Getting to Paris by Train

The French train system is fast and generally very good. It allows fast communications not only within France, but also neighbouring countries (1h15m from Brussels, 3 hours from London, e.g.). The TGV (“Train Grande Vitesse”) is a superfast train running on some lines.

The main train stations (gare du Nord, gare de l’Est, gare St Lazare, gare d’Austerlitz and gare de Lyon, depending on which country you come from) are all located in Paris, a few Metro (subway) stops away from the city center. There is an additional station at the Charles-de-Gaulle airport.

More information about the train system, schedules and reservations can be found on the Web site of the SNCF, the French national railway company.

The table below indicates how to commute from the train stations to the ISMIR venue (see also the “Commuting in Paris” section).

StationComing from (usually)Commute to ISMIR via:
Charles-de-GaulleBelgiumRER line B (towards Massy Palaiseau), get off at Châtelet les Halles.
Gare d’AusterlitzSpainMétro line 5 (towards Bobigny-Pablo Picasso) until Bastille, transfer to Métro line 1 (towards La Défense), get off at Châtelet les Halles.or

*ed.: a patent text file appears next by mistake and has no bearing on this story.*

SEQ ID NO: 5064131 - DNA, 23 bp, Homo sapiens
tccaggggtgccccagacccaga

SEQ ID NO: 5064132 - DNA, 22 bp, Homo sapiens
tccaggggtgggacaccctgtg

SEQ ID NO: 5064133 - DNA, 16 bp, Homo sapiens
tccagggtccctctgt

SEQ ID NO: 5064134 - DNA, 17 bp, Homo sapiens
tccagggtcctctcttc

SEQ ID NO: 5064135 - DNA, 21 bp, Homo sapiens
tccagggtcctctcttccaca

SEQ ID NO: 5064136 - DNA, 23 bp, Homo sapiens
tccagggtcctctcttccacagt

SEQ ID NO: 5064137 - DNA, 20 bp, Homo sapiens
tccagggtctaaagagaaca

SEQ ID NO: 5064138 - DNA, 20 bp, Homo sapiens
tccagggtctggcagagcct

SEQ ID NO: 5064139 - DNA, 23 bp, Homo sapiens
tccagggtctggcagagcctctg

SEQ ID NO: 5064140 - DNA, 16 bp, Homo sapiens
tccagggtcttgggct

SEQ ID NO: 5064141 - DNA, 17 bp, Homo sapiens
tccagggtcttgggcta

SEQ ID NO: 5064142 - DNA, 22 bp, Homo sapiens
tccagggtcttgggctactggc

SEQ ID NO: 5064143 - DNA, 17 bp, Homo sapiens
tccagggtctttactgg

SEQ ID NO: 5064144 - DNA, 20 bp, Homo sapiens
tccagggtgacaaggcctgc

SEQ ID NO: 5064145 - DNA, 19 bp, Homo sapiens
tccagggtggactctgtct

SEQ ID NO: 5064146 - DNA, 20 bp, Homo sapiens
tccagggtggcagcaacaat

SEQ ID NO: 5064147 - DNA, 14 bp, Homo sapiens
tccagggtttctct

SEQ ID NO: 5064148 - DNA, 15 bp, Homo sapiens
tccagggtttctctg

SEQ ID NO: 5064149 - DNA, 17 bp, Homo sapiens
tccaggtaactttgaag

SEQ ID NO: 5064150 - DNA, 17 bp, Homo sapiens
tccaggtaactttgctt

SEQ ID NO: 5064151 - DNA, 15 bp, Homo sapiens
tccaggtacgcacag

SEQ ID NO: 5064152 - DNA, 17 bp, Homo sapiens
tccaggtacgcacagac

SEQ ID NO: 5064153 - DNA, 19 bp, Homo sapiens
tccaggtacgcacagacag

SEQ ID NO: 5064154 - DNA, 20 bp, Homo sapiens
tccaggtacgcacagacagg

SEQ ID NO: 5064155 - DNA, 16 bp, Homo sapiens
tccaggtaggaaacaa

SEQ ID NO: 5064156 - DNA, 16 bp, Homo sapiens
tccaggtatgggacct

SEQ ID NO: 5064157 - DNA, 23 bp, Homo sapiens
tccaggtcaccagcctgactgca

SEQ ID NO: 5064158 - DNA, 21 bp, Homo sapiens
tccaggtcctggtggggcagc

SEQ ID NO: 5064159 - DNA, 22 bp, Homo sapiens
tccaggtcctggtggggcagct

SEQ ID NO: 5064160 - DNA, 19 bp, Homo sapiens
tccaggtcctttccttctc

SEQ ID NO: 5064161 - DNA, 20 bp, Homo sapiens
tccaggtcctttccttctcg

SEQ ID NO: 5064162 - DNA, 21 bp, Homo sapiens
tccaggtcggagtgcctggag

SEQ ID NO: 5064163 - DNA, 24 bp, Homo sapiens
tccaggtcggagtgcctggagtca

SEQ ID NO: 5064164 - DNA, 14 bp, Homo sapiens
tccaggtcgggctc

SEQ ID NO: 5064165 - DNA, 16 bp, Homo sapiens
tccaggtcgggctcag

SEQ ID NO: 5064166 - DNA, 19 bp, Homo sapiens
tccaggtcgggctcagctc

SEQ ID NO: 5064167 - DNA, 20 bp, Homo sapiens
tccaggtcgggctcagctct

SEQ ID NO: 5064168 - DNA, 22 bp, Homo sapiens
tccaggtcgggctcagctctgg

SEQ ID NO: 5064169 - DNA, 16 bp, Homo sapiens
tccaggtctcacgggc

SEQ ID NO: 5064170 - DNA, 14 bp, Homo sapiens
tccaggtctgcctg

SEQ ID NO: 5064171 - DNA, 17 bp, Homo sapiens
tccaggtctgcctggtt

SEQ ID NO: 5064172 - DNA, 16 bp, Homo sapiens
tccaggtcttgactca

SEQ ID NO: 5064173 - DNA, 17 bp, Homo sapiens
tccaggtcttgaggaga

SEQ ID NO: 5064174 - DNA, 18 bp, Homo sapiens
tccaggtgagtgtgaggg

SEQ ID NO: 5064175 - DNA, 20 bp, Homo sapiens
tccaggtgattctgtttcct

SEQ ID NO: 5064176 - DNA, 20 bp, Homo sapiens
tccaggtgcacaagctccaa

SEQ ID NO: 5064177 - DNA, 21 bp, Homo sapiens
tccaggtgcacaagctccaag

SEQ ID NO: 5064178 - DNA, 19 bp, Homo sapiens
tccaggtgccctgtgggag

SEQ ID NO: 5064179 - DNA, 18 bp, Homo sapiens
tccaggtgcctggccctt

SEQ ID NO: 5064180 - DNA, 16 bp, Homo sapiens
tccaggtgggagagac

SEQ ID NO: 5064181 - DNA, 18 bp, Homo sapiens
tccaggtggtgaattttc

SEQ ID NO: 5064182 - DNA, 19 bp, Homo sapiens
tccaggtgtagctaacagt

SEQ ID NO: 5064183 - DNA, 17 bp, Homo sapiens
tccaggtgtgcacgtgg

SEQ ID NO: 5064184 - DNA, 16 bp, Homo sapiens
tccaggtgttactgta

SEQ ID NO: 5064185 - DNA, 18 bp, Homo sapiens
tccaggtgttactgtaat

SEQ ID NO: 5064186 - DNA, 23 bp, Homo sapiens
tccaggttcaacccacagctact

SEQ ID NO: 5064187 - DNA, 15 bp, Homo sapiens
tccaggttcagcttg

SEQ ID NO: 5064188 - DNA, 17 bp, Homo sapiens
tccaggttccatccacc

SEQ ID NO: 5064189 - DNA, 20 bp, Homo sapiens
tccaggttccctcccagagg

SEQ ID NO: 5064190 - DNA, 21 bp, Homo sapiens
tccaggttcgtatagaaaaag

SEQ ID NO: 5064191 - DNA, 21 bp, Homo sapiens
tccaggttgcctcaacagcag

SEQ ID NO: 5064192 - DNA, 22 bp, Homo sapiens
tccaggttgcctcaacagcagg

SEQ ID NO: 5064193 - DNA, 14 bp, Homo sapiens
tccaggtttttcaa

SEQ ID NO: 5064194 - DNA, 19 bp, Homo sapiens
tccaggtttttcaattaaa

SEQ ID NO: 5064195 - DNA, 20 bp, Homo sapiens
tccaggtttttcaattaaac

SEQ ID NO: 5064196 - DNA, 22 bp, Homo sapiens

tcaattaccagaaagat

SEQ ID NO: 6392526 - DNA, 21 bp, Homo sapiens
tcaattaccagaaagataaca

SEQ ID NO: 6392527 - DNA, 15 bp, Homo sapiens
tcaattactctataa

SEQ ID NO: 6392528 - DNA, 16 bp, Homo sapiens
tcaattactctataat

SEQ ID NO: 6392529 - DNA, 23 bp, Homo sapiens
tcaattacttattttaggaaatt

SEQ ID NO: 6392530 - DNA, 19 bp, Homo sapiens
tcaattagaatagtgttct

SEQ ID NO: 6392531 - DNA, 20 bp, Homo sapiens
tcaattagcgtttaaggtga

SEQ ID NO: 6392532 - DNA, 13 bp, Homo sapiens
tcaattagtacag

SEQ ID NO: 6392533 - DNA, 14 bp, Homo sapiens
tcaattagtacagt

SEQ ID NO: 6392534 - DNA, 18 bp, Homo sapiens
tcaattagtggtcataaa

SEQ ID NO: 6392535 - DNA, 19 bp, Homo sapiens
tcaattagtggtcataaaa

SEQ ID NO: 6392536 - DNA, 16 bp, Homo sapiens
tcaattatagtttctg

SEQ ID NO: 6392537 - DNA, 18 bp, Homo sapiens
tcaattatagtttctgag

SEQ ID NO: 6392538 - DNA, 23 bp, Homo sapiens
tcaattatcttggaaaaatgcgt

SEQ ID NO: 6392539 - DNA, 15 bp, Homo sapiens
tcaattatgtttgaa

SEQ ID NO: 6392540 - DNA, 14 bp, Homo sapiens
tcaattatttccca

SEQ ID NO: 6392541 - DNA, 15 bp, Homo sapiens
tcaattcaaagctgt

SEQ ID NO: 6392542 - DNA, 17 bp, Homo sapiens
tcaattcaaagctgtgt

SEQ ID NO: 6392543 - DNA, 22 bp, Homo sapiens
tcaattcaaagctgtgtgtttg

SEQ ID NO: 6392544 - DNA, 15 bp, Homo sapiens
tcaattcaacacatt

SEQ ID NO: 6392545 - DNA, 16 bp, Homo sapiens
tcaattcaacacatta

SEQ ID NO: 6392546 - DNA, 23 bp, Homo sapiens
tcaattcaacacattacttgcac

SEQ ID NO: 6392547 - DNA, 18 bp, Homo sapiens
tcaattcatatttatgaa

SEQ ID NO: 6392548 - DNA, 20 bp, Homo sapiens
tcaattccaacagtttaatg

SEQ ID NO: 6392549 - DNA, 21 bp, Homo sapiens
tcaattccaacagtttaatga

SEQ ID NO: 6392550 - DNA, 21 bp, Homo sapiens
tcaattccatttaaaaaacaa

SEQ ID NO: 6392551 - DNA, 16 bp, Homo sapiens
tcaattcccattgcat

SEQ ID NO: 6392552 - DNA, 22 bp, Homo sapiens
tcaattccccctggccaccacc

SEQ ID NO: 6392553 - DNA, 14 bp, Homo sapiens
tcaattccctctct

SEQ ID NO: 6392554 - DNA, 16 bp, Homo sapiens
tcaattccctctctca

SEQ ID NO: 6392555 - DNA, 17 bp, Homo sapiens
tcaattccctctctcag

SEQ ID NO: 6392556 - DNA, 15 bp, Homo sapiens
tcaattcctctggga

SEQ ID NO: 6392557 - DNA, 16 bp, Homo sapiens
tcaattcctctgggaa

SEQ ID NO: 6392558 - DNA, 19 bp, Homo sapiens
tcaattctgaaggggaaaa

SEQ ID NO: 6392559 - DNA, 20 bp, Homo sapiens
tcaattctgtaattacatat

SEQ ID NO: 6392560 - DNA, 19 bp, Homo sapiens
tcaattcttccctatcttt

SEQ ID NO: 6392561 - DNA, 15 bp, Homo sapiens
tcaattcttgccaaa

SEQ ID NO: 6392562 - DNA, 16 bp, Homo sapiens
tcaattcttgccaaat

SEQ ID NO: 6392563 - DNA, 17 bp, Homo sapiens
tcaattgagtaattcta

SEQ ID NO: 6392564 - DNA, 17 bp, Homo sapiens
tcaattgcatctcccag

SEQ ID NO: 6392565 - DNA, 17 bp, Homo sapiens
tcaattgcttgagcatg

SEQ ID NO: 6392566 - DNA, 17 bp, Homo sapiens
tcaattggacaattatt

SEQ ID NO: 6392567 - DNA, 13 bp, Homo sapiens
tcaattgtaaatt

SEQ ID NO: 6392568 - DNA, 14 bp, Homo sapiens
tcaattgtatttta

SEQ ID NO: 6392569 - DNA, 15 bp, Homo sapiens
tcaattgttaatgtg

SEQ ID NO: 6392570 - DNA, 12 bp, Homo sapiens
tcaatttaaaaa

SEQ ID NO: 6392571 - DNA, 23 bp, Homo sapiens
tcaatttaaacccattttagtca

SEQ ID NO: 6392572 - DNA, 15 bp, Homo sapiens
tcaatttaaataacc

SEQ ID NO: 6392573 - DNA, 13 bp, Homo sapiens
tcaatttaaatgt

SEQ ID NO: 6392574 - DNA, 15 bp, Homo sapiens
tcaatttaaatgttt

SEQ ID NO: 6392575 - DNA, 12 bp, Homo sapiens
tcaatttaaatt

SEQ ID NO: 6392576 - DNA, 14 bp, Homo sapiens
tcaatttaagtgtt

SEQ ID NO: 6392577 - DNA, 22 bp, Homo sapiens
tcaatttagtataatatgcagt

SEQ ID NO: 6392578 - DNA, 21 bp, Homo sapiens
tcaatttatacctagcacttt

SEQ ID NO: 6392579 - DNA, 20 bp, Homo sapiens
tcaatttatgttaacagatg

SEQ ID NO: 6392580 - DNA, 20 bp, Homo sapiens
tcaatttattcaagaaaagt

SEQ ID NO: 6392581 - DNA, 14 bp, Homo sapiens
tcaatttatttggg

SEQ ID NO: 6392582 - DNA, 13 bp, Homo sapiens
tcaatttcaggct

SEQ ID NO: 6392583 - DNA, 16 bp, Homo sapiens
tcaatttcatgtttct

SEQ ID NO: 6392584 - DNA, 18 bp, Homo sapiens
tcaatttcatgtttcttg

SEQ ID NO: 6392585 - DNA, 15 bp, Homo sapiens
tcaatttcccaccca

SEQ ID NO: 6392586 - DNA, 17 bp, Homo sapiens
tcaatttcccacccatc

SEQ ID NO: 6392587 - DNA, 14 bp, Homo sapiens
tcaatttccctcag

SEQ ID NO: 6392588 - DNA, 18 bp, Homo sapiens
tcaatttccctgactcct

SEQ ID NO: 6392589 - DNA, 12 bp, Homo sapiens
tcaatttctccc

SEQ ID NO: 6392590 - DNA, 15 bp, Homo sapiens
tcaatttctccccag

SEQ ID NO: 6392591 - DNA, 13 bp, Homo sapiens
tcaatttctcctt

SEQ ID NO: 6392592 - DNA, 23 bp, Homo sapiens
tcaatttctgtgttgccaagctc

Cross the river Seine to Gare de Lyon and use directions below.

Gare de l’EstGermanyBus line 47 (board at Magenta-Saint Martin towards Fort du Kremlin Bicêtre), get off at Centre Pompidou.or

Metro line 4 (towards Porte d’Orléans), get off at Châtelet les Halles.

Gare de LyonItaly, SwitzerlandMétro line 1 (towards La Défense), get off at Hôtel de Ville.
Gare du NordUK, Northern EuropeMetro line 4 (towards Porte d’Orléans) or RER line B (towards Massy Palaiseau), get off at Châtelet les Halles.
Gare St. LazareNorth-west FranceBus line 29 (towards Porte de Montempoivre), get off at Grenier-St Lazare – Quartier de l’Horloge.or

RER line A2 or A4 (towards Boissy or Marne-la-Vallée), get off at Châtelet-les-Halles.

Text Source : ‘parisculture’

Paris is well connected to the rest of Europe by train. There is no central station serving Paris, the six different stations are not connected to each other. You will probably want to know in advance at which station your train is arriving, so as to better choose a hotel and plan for transport within the city.

  • Gare du Nord, (10th), Métro: Gare du Nord – TGV trains to and from Belgium, the Netherlands, and Cologne, Germany (Thalys), and the United Kingdom (Eurostar) and regular trains from Northern Europe.
  • Gare d’Austerlitz, (13th), Métro: Gare d’Austerlitz – regular trains to and from the center and southwest of France (Orléans, Limoges, Toulouse the long way), Spain and Portugal and arrival of majority of the night trains.
  • Gare de l’Est, (10th), Métro: Gare de l’Est – ICE/TGV to and from Luxembourg, Saarbrücken, Kaiserslautern, Frankfurt, and [Stuttgart, Munich] in Germany and Basel and Zurich in Switzerland.
  • Gare de Lyon, (12th), Métro: Gare de Lyon – regular and TGV trains to and from Southern and eastern France: French Alps, Marseille, Lyon, Dijon, Switzerland: Geneva, Lausanne, Bern and Italy.
  • Gare St Lazare, (8th) Métro: St-Lazare – trains to and from Basse-Normandie, Haute-Normandie.